They went around and around the pond like that, and even paid no attention to the heron, which had gotten brave and was hunting for fish while standing in the pond.

Great blue heron

Great blue heron

This was one of those times that I wished I could recognize individual birds of the same species, and knew more about how acute their senses are. Did the cormorant just happen to return right after the heron flew by, or had it heard the heron and other cormorant jawing at one another? Was that cormorant even one of the two that had been there earlier, or was this yet another one? The two cormorants swimming around the pond looked for all the world to be a mated pair, but up until then, I saw no evidence of that. Up until the pair did their laps around the pond, whenever the heron had approached the water, one of the cormorants would chase it back away from the pond, but now they left the heron in peace, why? Oh, by the way, there was also a little green heron there at the pond, which I hadn’t noticed until very near the end of my time at the pond, but none of the other birds paid any attention to it at all. (I do have a photo of the green heron, but it’s bad, so I’m not going to post it.)

Whenever a flock of geese would land at the pond, the first thing they would do is chase Lonesome George back away from the edge of the pond, and force him to hide in the weeds, yet a mallard and a cormorant would hang out with him, and even protect him from his own species, or other species, why?

I’m just scratching the surface here as far as questions about bird behavior, all animal behavior for that matter. How much of it is instinct, and how much of it is learned behavior?

As I was growing up, I think that the prevalent school of thought among biologists at the time was that all animal behavior is simply instinct, and that animals didn’t really think in the way we do. (They may not think like we do, but that may not be such a bad thing 😉 ) Some scientists would even dismiss any first hand accounts of animal actions that showed any type of rational thought by animals.

I never believed that all animal actions were only due to instinct, I grew up in the woods, watching critters solve problems, too many to go into here, besides, science has reversed itself, now we even have animal behaviorists and dog psychologists. I am still fascinated by the subject, and the more I watch animals in action, the less I seem to know.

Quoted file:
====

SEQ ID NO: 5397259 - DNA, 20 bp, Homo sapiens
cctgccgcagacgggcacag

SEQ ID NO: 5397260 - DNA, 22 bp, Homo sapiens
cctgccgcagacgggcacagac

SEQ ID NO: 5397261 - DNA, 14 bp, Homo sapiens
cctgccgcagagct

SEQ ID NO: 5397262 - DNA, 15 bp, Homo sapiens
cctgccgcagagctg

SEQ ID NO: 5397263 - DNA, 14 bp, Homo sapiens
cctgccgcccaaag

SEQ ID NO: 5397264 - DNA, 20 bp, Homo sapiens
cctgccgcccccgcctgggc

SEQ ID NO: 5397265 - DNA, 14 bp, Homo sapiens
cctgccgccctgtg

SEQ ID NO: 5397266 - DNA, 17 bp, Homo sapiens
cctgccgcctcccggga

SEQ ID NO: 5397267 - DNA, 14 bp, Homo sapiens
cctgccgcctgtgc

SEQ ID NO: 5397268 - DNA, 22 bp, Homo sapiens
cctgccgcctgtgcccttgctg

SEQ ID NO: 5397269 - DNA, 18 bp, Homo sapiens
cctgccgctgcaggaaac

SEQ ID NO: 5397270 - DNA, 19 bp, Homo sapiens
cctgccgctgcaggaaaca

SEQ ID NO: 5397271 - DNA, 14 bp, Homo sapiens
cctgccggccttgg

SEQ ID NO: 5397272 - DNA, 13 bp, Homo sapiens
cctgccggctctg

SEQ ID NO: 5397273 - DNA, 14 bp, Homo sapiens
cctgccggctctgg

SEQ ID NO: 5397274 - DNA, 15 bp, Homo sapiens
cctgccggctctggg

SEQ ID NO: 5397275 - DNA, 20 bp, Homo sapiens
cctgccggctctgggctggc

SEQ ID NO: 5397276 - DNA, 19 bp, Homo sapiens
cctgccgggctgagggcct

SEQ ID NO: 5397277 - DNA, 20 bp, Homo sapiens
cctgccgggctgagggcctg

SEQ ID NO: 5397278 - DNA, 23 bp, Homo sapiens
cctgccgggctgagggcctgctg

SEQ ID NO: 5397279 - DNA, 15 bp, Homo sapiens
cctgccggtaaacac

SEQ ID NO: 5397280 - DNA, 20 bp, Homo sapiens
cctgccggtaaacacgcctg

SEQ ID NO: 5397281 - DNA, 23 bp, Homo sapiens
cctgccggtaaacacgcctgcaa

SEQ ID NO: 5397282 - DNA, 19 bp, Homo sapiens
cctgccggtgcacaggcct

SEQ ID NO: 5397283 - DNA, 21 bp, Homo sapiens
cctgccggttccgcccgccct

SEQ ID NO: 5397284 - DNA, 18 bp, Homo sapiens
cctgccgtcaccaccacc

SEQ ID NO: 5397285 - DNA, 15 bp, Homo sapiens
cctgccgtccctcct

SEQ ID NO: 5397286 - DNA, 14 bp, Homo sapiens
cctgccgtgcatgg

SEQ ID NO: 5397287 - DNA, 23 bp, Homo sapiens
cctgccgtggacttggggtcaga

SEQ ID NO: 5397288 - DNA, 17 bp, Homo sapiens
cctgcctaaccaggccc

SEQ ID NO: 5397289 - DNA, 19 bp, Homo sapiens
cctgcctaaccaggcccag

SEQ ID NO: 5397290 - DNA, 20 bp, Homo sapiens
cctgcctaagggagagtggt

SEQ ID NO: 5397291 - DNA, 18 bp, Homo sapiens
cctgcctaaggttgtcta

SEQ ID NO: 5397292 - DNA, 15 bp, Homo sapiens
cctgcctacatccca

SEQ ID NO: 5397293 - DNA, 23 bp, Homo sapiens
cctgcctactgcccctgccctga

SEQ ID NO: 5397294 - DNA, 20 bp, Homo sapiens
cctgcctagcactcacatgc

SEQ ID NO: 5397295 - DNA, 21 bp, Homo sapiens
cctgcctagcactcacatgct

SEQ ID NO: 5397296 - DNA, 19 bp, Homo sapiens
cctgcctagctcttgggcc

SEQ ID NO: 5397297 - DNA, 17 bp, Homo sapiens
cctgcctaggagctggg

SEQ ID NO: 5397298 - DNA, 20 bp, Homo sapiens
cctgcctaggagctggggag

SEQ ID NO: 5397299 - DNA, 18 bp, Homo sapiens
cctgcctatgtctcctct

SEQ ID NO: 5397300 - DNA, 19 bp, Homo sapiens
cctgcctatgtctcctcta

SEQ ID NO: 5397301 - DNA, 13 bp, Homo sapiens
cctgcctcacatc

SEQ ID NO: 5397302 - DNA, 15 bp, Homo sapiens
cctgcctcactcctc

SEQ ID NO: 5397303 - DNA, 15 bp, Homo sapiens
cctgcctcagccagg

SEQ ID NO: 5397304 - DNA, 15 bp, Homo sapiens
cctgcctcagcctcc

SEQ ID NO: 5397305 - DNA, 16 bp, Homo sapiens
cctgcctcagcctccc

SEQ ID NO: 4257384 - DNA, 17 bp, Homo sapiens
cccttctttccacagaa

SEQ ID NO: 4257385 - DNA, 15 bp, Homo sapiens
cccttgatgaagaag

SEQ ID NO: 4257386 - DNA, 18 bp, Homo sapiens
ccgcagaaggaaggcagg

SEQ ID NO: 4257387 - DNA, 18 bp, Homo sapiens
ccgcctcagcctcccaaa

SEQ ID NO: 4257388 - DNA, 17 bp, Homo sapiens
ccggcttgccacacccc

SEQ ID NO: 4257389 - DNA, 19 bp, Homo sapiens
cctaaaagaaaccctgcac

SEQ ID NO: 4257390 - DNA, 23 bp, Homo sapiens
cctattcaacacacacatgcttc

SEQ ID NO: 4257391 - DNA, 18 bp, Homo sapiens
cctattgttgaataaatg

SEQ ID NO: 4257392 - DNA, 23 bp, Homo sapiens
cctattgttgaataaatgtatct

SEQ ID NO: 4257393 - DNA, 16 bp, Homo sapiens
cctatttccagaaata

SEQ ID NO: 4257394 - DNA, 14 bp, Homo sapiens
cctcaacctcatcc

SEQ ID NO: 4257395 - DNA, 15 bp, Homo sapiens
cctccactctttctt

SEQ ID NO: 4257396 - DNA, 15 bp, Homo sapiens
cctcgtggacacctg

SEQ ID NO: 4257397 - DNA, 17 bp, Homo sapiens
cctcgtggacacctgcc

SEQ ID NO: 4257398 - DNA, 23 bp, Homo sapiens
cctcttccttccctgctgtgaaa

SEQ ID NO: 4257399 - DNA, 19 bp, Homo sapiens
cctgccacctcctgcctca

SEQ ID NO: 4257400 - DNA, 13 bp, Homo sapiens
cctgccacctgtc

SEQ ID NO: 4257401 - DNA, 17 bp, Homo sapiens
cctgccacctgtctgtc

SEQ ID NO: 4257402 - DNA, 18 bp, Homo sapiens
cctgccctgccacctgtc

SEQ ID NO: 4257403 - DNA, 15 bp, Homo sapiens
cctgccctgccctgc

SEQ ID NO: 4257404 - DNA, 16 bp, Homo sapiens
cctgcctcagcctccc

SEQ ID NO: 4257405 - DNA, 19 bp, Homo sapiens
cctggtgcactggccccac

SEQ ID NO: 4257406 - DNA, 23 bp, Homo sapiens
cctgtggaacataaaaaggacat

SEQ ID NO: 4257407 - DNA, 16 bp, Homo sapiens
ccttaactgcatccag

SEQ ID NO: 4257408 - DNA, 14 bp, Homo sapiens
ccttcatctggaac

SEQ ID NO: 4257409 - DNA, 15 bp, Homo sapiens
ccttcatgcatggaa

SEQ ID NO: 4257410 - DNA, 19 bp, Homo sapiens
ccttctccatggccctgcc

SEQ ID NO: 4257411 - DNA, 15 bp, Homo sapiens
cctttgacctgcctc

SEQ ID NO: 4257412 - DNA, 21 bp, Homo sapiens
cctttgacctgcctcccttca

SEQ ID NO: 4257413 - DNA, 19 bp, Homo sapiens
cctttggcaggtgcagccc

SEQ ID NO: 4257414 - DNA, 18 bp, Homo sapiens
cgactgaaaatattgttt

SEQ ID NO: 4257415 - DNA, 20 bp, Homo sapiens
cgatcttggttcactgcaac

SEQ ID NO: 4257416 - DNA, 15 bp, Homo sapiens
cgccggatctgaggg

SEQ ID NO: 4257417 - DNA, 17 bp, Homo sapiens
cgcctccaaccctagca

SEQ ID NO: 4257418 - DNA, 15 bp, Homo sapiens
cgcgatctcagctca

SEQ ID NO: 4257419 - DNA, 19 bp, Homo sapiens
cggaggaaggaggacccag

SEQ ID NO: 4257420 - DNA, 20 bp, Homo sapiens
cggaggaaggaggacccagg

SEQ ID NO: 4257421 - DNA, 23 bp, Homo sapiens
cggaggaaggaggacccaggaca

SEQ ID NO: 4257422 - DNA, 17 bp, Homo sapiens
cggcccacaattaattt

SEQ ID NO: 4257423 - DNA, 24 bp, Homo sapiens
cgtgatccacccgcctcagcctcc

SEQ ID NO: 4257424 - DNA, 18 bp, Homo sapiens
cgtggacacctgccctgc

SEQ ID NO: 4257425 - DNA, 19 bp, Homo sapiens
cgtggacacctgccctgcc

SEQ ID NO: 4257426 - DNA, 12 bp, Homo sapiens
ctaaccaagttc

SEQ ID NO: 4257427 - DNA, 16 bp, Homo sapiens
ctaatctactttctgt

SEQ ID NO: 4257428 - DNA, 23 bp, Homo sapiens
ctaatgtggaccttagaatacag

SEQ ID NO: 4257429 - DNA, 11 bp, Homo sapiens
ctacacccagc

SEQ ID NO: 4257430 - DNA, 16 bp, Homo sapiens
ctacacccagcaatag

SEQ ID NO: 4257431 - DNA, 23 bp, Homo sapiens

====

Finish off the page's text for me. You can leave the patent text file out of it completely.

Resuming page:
Anyway, I’ll try to provide a few (pathetically few) answers in some of future posts, right now, I’m going to wrap this one up.

The two cormorants flew off to who knows where..

Double crested cormorant in flight

Double crested cormorant in flight

…eventually, the heron left as well. (a pushy wannabe photographer may have given the heron some help in making up its mind to leave)

Great blue heron in flight

Great blue heron in flight

That left Lonesome George alone.

Lonesome George

Lonesome George

But, he had a beautiful day to rest, and enjoy the weather.

Lonesome George looking out over his pond

Lonesome George looking out over his pond

So, that’s it for this one, thanks for stopping by!

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4 responses

  1. Poor George-I hope he finds another friend and will eventually mend and be able to fly away. i wonder if a wildlife rescue group could help him?

    January 6, 2013 at 8:19 am

    • Thank you, several of us who lived in the area tried many rescue groups, none wanted to help a goose. I can’t answer your other points at this time, as I don’t want to give away the ending, I’ll have the next post up tonight.

      January 6, 2013 at 8:30 am

  2. Pingback: The continuing saga of Lonesome George, astounding changes in attitudes « Quiet Solo Pursuits